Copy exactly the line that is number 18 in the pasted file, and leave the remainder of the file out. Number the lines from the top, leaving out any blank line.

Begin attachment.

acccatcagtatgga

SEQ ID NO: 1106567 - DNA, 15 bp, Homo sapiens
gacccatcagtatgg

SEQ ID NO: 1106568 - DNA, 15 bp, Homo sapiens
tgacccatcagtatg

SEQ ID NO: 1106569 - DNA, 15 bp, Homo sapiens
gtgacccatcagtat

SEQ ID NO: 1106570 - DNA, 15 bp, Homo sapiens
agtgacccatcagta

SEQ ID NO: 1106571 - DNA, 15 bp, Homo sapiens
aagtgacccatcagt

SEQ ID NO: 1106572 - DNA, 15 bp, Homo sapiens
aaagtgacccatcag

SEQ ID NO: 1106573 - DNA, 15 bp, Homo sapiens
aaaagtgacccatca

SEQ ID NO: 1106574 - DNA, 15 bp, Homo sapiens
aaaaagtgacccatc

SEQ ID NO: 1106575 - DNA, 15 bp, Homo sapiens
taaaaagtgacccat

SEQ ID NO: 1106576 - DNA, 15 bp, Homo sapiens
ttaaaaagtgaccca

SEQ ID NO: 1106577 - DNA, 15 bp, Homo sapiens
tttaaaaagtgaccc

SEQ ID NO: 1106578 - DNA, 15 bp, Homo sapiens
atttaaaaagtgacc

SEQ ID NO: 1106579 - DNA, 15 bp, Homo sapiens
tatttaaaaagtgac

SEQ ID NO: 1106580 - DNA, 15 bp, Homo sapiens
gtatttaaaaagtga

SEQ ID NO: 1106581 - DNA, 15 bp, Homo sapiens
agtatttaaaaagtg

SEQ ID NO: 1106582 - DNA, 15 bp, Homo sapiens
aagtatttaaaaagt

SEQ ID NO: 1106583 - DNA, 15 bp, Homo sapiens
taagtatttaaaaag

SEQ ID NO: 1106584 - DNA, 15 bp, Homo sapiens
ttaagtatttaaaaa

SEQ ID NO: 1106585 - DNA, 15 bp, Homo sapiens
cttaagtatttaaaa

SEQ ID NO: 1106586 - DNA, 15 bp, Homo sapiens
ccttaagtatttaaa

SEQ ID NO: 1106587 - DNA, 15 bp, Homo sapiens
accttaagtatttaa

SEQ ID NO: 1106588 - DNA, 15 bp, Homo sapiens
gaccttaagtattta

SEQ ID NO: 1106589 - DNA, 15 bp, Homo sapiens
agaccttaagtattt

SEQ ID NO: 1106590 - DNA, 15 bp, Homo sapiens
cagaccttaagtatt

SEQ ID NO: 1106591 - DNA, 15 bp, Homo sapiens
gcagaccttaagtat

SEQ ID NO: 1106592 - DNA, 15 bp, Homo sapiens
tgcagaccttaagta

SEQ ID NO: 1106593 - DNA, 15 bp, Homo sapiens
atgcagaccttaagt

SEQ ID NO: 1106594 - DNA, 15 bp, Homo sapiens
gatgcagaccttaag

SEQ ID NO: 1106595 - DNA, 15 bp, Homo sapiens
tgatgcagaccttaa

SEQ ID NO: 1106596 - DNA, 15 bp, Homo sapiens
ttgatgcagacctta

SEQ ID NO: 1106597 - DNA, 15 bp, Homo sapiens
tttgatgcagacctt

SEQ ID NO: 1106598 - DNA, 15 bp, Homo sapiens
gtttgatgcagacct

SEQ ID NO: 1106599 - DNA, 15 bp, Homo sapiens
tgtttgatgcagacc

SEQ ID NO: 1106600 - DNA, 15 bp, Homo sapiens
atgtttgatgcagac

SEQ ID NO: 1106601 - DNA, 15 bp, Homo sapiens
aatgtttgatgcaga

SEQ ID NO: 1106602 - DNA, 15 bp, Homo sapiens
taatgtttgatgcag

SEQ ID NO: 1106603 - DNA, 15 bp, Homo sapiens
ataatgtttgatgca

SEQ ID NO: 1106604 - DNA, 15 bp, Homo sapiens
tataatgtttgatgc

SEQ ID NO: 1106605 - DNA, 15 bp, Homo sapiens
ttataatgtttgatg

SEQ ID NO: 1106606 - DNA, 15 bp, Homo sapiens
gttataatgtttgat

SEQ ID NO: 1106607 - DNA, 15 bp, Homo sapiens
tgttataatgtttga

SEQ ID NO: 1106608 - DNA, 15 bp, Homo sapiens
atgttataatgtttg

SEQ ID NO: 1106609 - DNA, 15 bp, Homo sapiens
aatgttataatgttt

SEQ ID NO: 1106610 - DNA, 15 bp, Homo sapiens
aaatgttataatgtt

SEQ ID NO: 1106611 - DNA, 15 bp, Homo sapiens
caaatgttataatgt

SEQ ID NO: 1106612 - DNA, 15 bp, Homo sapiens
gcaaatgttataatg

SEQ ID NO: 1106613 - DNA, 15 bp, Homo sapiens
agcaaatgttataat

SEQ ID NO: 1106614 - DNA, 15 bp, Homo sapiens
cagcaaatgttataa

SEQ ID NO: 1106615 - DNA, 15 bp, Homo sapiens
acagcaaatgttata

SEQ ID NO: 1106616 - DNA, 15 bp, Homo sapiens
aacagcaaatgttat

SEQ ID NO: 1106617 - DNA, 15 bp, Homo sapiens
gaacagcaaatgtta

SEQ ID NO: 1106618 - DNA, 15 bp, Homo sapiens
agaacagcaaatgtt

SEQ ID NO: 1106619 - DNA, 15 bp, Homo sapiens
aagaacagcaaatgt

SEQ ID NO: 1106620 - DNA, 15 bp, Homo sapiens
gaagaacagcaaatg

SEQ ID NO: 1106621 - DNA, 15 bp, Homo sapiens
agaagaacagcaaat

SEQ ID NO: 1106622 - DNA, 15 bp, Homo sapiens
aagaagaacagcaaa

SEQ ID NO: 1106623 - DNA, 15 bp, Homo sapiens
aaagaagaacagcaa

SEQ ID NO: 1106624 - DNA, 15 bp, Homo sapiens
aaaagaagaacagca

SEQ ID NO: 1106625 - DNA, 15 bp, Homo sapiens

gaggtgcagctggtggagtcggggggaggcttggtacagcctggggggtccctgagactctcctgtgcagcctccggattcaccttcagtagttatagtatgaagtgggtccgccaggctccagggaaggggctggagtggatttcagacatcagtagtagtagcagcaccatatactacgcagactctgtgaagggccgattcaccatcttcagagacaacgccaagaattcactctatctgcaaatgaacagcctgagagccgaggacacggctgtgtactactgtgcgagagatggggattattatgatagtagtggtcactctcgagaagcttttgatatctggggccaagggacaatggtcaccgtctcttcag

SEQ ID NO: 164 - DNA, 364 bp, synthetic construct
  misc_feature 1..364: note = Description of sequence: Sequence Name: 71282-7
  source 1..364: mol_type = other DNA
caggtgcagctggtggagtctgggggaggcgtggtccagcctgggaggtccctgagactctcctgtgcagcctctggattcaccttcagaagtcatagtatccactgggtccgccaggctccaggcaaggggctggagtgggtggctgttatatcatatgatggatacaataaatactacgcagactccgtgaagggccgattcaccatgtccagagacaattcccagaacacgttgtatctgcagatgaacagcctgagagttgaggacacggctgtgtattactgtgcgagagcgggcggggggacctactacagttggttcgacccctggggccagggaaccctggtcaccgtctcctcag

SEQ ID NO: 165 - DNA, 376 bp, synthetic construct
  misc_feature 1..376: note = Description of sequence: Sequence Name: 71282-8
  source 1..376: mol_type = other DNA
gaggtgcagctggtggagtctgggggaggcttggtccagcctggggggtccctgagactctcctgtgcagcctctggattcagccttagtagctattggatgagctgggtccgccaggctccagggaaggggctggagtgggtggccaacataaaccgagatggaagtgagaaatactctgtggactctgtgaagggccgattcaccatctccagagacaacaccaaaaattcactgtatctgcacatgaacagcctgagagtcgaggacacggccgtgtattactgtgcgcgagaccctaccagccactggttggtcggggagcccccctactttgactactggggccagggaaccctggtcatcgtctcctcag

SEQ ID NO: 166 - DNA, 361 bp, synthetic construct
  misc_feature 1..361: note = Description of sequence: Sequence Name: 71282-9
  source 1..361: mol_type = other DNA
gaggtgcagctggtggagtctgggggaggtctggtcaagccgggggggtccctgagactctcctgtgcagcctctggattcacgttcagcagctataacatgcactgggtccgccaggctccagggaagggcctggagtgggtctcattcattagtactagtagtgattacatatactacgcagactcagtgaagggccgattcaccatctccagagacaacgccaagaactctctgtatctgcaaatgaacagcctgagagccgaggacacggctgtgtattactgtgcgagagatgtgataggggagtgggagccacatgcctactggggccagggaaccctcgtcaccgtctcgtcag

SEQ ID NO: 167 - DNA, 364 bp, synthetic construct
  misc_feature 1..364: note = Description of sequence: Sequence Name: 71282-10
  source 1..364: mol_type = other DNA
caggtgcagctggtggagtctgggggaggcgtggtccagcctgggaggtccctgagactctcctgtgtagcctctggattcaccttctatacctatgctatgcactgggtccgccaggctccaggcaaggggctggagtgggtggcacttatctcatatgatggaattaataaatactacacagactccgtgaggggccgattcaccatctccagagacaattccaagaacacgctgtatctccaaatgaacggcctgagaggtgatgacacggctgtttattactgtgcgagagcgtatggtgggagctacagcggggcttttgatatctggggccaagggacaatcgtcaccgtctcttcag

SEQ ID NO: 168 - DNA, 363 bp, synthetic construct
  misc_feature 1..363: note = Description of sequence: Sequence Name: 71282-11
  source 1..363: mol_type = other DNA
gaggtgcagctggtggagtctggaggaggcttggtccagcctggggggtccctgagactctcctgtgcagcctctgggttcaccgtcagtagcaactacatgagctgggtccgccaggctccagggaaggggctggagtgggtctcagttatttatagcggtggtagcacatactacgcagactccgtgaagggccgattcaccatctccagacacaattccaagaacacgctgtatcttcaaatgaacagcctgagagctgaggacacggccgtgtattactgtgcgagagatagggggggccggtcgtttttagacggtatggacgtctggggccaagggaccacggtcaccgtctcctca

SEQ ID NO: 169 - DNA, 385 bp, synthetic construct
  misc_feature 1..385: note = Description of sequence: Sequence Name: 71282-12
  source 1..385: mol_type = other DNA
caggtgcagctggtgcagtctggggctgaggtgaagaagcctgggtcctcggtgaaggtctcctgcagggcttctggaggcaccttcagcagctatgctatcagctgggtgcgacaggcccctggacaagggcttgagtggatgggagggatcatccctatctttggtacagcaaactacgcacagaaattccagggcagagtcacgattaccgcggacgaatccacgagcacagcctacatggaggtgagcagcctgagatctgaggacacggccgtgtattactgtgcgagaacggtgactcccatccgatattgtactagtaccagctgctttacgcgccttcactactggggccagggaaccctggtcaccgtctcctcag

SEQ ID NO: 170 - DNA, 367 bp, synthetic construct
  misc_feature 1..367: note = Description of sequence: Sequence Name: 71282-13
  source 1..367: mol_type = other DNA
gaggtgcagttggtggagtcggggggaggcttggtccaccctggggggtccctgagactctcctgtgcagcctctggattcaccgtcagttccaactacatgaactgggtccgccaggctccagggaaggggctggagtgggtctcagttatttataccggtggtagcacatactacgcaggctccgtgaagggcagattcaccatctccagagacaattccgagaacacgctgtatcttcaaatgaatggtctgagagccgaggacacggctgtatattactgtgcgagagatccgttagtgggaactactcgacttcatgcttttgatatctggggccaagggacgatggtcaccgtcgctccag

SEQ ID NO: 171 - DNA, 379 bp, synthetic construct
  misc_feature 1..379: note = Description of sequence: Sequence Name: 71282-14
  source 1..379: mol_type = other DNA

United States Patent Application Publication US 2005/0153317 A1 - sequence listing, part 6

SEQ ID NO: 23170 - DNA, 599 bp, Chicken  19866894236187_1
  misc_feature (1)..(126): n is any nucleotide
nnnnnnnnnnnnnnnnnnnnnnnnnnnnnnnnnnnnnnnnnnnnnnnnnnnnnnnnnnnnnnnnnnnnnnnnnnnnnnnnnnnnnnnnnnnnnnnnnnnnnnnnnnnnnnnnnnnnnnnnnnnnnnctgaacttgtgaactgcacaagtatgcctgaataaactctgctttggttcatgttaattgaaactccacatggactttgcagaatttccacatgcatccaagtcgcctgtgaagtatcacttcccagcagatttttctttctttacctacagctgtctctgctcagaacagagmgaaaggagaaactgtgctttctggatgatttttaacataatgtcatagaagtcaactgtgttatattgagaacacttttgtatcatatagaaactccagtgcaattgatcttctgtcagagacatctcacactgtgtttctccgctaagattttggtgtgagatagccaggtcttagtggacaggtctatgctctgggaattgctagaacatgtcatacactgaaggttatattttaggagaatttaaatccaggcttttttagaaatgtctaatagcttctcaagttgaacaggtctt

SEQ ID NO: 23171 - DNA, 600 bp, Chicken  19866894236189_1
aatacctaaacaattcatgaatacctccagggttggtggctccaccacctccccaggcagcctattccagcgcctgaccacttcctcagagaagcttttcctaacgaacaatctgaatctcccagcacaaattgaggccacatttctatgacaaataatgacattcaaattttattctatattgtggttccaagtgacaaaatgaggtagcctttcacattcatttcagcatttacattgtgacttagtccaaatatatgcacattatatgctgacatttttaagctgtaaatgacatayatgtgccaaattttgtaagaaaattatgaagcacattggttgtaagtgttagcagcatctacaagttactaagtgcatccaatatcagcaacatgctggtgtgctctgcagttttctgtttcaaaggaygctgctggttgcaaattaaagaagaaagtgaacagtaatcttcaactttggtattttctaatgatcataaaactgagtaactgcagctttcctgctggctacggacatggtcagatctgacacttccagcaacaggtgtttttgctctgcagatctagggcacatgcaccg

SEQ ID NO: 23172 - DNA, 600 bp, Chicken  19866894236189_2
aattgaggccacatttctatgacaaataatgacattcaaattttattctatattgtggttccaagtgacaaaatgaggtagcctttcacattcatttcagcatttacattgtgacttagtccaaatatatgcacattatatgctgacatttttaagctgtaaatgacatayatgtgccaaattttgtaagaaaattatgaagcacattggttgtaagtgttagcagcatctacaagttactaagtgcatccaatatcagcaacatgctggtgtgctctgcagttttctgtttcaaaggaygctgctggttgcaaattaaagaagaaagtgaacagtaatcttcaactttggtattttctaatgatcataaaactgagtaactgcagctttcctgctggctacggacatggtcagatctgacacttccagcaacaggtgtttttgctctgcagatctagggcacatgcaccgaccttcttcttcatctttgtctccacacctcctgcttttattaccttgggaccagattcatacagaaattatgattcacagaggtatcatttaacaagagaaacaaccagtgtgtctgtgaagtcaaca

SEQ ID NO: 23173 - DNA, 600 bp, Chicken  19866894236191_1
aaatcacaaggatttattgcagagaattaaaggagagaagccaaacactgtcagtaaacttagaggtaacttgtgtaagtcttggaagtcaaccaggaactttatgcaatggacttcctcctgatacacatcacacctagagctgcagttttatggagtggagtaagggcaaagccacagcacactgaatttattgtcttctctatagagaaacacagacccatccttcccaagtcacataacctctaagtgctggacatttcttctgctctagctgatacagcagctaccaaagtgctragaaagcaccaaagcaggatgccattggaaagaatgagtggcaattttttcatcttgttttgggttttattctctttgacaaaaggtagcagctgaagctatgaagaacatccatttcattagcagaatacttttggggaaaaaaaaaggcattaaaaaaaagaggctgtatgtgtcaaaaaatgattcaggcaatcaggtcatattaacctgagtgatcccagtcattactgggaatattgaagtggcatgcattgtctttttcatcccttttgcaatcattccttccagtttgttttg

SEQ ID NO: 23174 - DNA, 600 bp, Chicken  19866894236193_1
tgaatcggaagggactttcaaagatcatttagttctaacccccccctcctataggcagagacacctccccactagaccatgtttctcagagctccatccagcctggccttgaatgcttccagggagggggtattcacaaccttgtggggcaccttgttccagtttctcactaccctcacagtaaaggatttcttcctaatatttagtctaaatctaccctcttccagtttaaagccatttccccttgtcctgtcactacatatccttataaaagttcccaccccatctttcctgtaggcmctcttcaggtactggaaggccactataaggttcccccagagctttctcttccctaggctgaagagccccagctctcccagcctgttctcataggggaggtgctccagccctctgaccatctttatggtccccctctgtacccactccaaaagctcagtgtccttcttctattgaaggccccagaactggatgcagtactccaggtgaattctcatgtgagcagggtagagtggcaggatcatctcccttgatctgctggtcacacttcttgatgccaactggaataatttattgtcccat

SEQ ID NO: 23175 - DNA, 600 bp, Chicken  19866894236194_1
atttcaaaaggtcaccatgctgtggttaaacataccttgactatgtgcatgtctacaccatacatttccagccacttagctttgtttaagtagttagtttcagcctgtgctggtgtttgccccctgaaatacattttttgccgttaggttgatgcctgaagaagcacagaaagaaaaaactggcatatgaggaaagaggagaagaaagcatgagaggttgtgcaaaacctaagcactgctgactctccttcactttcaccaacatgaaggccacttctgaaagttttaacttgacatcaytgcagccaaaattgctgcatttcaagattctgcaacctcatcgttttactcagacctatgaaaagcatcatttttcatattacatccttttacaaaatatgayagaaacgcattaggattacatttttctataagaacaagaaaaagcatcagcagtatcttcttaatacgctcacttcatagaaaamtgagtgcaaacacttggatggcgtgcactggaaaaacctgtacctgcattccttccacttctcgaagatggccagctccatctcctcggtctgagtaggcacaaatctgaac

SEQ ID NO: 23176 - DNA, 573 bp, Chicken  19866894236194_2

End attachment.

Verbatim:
SEQ ID NO: 1106575 - DNA, 15 bp, Homo sapiens